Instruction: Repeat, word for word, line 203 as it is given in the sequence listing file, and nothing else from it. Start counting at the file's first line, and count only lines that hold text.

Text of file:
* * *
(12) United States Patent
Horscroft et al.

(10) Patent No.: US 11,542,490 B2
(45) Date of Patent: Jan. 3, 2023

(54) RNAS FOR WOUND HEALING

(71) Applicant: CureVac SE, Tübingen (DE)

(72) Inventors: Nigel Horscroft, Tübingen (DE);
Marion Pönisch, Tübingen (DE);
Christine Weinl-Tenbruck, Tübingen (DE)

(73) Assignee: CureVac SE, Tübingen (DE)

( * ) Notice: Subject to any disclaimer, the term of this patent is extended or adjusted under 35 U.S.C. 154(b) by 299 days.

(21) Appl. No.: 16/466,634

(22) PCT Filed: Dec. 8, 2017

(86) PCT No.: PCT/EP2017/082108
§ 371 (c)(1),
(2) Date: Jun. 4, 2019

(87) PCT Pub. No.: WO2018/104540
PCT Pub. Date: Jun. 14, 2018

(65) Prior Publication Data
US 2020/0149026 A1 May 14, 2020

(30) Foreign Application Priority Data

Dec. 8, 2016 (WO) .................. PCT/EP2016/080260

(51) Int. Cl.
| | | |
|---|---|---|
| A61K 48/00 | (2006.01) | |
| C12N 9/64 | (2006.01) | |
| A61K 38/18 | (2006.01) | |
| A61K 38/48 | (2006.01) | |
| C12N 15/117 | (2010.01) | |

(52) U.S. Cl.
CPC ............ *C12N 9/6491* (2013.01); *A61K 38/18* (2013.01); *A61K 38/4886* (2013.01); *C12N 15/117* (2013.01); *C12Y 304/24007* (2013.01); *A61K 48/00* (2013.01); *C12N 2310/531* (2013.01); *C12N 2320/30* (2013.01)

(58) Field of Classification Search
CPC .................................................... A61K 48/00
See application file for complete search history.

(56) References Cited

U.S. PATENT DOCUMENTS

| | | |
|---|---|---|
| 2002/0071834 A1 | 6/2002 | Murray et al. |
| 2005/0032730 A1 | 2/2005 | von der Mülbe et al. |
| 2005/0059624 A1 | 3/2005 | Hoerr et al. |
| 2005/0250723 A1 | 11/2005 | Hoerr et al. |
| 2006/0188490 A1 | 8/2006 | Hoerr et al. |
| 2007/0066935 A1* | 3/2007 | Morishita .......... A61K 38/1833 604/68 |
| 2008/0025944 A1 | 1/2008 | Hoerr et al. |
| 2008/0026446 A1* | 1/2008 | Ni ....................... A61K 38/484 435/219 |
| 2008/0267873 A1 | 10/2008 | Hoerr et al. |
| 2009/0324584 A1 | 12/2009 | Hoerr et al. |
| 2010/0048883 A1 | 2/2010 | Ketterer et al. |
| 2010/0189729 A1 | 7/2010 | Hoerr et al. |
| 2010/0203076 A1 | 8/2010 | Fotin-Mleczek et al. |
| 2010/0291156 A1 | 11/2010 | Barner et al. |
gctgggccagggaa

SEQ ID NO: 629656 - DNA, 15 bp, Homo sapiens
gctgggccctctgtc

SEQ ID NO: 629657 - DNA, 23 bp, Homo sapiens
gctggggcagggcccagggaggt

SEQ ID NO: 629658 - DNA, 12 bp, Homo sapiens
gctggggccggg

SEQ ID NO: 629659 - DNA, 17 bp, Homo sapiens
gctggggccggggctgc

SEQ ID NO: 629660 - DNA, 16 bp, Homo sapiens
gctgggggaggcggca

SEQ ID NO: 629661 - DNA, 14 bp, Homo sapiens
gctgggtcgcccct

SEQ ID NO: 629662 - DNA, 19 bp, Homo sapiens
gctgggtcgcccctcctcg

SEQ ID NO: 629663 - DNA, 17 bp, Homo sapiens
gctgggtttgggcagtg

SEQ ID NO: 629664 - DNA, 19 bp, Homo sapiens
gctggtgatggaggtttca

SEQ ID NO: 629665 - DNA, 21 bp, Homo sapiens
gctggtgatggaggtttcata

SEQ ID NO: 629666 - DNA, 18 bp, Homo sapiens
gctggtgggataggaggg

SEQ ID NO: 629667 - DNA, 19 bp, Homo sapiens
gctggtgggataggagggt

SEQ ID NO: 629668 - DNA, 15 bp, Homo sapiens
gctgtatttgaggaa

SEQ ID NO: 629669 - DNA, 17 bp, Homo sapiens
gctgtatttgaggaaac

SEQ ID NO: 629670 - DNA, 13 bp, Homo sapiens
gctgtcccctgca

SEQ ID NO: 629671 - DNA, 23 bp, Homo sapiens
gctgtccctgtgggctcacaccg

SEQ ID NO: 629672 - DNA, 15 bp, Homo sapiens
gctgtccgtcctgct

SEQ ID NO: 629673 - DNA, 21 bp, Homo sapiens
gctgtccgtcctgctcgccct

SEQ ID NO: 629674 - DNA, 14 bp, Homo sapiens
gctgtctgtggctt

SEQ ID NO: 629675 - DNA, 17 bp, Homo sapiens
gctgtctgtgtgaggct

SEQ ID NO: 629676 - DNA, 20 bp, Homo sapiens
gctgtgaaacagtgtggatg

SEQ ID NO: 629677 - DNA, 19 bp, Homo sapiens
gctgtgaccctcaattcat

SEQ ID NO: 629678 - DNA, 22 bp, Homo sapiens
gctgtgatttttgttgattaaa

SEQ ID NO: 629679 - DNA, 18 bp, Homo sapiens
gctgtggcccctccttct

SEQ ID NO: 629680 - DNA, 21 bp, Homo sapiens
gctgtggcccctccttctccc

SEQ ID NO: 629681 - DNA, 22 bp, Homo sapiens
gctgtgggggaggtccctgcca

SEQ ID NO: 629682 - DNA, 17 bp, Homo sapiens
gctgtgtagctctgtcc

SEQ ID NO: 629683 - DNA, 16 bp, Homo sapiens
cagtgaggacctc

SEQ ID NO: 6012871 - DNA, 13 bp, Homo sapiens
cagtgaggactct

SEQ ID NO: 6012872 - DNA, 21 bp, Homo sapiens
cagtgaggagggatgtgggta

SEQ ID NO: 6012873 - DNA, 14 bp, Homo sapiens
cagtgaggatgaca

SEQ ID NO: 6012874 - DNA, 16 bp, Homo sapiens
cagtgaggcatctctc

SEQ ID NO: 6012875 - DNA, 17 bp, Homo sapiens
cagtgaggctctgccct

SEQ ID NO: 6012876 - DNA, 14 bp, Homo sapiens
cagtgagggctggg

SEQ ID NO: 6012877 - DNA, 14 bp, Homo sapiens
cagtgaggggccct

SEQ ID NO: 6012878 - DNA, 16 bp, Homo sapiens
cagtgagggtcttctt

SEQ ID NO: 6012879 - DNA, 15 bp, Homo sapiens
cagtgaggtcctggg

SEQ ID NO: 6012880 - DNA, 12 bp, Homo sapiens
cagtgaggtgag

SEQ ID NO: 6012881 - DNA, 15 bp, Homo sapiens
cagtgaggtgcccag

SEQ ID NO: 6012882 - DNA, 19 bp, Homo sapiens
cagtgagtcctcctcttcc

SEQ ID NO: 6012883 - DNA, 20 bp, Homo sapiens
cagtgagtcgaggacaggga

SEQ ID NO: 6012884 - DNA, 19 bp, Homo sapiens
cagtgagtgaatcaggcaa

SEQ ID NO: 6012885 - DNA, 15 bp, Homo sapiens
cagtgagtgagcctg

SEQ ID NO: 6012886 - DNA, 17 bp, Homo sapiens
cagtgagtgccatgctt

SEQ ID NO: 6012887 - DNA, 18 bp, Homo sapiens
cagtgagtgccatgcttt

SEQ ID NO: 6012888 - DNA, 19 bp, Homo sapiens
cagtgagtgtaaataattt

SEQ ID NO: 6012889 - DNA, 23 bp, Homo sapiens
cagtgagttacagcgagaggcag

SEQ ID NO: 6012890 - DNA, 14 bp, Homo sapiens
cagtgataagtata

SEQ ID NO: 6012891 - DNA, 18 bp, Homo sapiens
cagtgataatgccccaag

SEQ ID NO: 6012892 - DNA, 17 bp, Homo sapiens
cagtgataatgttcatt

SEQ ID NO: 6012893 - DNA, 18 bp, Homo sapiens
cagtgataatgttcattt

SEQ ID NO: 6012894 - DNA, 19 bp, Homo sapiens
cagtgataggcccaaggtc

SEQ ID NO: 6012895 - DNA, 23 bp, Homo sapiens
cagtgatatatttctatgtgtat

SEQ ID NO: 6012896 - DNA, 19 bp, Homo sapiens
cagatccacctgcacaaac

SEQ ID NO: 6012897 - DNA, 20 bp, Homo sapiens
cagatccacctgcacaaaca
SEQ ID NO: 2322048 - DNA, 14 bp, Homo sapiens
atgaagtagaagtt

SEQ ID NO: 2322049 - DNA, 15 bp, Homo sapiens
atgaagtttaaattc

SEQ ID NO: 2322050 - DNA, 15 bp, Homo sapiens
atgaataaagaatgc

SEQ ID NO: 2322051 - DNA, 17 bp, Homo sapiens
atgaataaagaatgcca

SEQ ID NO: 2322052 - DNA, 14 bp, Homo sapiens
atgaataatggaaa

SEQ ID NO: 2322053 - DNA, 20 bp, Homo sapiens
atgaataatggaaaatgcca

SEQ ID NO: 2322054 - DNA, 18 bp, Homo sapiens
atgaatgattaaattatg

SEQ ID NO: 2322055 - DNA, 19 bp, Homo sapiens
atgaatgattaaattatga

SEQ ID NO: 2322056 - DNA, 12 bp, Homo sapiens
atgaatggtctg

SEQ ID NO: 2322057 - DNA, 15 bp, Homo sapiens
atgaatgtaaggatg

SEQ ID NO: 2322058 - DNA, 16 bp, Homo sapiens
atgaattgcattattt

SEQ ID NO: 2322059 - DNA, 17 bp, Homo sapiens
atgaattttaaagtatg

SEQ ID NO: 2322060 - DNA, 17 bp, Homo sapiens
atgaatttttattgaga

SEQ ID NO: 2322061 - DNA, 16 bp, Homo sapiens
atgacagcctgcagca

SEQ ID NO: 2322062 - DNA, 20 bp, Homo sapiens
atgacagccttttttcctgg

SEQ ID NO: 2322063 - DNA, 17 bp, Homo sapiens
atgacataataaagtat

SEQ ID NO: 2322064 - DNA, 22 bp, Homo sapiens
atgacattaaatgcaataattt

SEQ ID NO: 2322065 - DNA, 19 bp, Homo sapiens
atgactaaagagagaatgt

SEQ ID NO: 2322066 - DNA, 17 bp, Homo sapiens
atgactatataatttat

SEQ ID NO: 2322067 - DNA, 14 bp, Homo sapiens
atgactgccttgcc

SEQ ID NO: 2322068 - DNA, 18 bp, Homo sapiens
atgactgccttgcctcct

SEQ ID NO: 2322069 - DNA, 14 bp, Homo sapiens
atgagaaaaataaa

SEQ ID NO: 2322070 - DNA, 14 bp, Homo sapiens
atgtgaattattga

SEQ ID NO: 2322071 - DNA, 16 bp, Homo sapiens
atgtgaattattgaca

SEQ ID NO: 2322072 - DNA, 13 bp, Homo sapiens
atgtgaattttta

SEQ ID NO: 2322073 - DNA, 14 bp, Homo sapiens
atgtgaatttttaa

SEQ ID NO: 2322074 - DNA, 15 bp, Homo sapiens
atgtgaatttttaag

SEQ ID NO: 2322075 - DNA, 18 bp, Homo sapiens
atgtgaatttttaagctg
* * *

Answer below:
SEQ ID NO: 2322067 - DNA, 14 bp, Homo sapiens